Concernant les attentats, il n’y a pas eu d’attaques majeure contre les Etats-Unis:

« There were, according to Consular Affairs, 28 American citizens that were killed overseas. In the Western Hemisphere, Colombia was the — certainly had the most terrorist incidents, about 750. That’s very close to what we saw in 2005. » (Russ Travers, Deputy Director, NCTC)

Et en ce qui concerne les autres pays:

« In the Middle East, Israel was up dramatically in terms of increased rocket attacks in Israel, although suicide bombings was down in Israel to very small numbers last year. There were no major attacks in either Jordan or Saudi Arabia.

Europe and Russia, nothing to compare to the July 7th bombings in the UK and Europe, and similarly nothing like what we’ve seen in previous years for the bombings in Chechnya and Russia over the last several years.

In Africa, the Algerian Salafist Group for Preaching and Combat, GSPC, merged with al-Qaida in the fall and we saw the first attacks against Western and U.S. interests, and that presaged also what we’ve seen here over the last several months.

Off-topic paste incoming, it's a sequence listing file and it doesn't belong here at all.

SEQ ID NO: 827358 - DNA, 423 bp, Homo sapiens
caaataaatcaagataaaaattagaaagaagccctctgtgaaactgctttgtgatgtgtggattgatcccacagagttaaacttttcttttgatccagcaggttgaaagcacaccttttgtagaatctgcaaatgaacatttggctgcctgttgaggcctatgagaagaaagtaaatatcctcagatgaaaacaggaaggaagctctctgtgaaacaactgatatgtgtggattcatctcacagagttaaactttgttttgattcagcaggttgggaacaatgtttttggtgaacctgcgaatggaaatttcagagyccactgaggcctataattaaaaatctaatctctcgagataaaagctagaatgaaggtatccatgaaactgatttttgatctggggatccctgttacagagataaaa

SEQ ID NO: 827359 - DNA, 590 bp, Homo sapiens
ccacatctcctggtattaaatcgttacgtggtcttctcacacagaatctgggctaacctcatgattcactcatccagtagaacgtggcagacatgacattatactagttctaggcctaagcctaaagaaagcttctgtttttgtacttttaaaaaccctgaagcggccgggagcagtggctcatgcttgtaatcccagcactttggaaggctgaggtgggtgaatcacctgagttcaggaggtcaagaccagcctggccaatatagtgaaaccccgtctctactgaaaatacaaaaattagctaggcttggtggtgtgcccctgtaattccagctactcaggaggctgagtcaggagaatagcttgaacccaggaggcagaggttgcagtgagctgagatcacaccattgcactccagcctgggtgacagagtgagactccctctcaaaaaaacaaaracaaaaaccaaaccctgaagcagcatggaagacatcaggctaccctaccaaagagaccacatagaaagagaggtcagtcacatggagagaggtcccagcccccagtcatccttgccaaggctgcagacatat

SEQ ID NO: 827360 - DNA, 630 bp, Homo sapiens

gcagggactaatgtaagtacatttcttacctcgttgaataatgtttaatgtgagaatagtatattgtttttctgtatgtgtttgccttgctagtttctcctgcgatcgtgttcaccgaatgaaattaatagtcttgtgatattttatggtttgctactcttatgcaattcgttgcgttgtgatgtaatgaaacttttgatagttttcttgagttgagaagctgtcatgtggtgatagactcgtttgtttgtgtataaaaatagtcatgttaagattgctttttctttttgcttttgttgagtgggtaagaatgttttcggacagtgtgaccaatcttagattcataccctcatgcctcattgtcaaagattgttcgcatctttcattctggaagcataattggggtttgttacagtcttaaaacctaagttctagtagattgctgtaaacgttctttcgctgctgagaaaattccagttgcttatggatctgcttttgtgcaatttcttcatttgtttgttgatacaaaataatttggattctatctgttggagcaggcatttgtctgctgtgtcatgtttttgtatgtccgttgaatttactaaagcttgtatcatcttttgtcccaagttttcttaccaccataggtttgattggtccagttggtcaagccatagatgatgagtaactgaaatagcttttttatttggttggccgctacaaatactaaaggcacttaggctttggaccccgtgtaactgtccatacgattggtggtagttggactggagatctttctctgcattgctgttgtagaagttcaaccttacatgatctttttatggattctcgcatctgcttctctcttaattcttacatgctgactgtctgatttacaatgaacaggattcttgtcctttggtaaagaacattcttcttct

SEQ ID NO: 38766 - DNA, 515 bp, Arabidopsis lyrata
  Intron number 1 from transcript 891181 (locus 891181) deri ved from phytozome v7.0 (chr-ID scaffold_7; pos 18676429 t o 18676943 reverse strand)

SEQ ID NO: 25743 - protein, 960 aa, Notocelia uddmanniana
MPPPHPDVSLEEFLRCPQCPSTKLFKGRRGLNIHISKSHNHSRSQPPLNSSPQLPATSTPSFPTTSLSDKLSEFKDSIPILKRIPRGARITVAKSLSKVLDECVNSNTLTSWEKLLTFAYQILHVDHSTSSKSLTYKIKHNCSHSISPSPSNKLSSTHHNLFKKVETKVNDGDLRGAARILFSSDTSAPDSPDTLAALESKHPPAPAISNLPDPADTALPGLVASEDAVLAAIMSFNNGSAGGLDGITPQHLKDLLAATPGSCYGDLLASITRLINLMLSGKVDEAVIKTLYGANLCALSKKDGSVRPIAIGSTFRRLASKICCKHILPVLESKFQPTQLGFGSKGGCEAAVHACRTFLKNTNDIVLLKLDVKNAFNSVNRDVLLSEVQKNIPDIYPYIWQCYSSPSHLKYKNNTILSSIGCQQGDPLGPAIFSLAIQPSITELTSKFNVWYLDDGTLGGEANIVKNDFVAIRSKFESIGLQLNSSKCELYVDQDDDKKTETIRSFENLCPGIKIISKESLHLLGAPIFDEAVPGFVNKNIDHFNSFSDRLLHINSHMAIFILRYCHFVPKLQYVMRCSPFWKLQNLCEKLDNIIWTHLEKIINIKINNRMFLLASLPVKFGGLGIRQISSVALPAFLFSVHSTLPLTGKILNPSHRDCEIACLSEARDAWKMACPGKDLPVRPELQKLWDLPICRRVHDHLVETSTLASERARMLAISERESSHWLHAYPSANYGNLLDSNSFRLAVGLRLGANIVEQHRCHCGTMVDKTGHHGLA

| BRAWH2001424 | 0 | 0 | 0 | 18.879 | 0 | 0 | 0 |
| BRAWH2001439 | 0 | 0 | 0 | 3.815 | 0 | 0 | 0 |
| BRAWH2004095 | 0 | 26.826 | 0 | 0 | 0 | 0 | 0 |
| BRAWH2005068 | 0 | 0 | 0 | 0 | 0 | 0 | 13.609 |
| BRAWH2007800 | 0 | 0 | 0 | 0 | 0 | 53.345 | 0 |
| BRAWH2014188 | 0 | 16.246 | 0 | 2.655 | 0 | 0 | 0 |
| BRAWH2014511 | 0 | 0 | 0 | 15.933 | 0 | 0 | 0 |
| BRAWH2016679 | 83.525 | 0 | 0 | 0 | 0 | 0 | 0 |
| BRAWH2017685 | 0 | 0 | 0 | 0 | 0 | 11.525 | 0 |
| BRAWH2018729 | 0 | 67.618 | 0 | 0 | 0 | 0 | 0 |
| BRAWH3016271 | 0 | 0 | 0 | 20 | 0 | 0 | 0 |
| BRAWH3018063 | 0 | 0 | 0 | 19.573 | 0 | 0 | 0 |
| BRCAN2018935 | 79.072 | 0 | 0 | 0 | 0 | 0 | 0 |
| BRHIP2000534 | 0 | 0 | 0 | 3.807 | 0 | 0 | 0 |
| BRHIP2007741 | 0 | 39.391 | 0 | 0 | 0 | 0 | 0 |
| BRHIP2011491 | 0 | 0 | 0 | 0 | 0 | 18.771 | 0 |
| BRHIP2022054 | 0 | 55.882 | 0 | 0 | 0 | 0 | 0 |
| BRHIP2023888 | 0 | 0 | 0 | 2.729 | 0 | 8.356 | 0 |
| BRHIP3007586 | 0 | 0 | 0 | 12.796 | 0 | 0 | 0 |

In South Africa, a number of locations in Sub-Saharan Africa, there were additional numbers of attacks. I will tell you that the data for that part of the world is the most suspect of anyplace in the world.

In South Asia, Afghan attacks were up by about 60 percent. Pakistan and India both had fewer attacks. And in the Far East, Indonesia for the first time in several years had no major attack. We’ve seen attacks there every fall over the last several years until last year. In Philippines, attacks were up somewhat. In Thailand, attacks were down somewhat. » (Russ Travers, Deputy Director, NCTC)

Concernant le type d’attaques: